The Equity and Efficiency of Microfinance

Mahazarin Kanga, Juhi Bansal, Siddharth Verma, Ishani Bandaranayake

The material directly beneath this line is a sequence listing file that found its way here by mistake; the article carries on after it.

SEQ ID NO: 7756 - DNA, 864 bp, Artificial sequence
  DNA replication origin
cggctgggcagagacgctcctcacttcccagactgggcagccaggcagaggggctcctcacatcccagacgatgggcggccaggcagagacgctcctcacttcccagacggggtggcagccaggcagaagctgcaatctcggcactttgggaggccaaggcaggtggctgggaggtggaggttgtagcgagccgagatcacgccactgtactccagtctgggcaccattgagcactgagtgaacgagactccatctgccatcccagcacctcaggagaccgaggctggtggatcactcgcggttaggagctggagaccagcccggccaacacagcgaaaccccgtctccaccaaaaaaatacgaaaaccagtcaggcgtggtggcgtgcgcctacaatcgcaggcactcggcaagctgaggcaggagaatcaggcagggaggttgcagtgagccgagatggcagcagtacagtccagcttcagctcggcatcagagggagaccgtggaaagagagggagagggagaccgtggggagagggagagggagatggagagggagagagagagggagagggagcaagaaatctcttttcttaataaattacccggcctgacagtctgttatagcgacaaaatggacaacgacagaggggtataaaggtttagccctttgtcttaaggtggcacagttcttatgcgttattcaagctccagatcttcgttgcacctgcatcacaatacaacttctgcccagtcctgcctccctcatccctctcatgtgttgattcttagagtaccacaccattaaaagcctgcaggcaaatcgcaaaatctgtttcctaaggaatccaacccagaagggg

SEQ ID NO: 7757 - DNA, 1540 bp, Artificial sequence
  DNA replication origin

Banks are for people with money rather than for people without money. However, microfinance is banking for the unbankables. It brings credit, loan, savings and other essential financial services within the reach of millions of people who are too poor to be served by regular banks, i.e. almost 60-90% of the global population. It is one of the most intriguing features of financial economics today. In the aftermath of the 2006 Nobel Peace Prize being awarded to the Bangladeshi, Mohammed Yunus, who is a champion of the cause for microcredit, the common presumption has been that microfinance create s undeniable social benefits such as poverty alleviation and more equal social opportunities. Indeed, this is true to a large extent; however, less acknowledged are the problems that lurk behind this facade of ‘social service’. Donning the caps of economists, this pa per discusses the economic rationality of microfinance as an effective tool for achieving poverty alleviation. We ask the question on whether the theoretical objective of microfinance for ‘helping the poor’ is sullied in practice by rent seeking, profit seeking and corruption. We assess the fundamental economic model for the basis on which Microfinance Institutions (MFIs) provide loans to the poor and as whether the poor people eventually benefited from this financial innovation.

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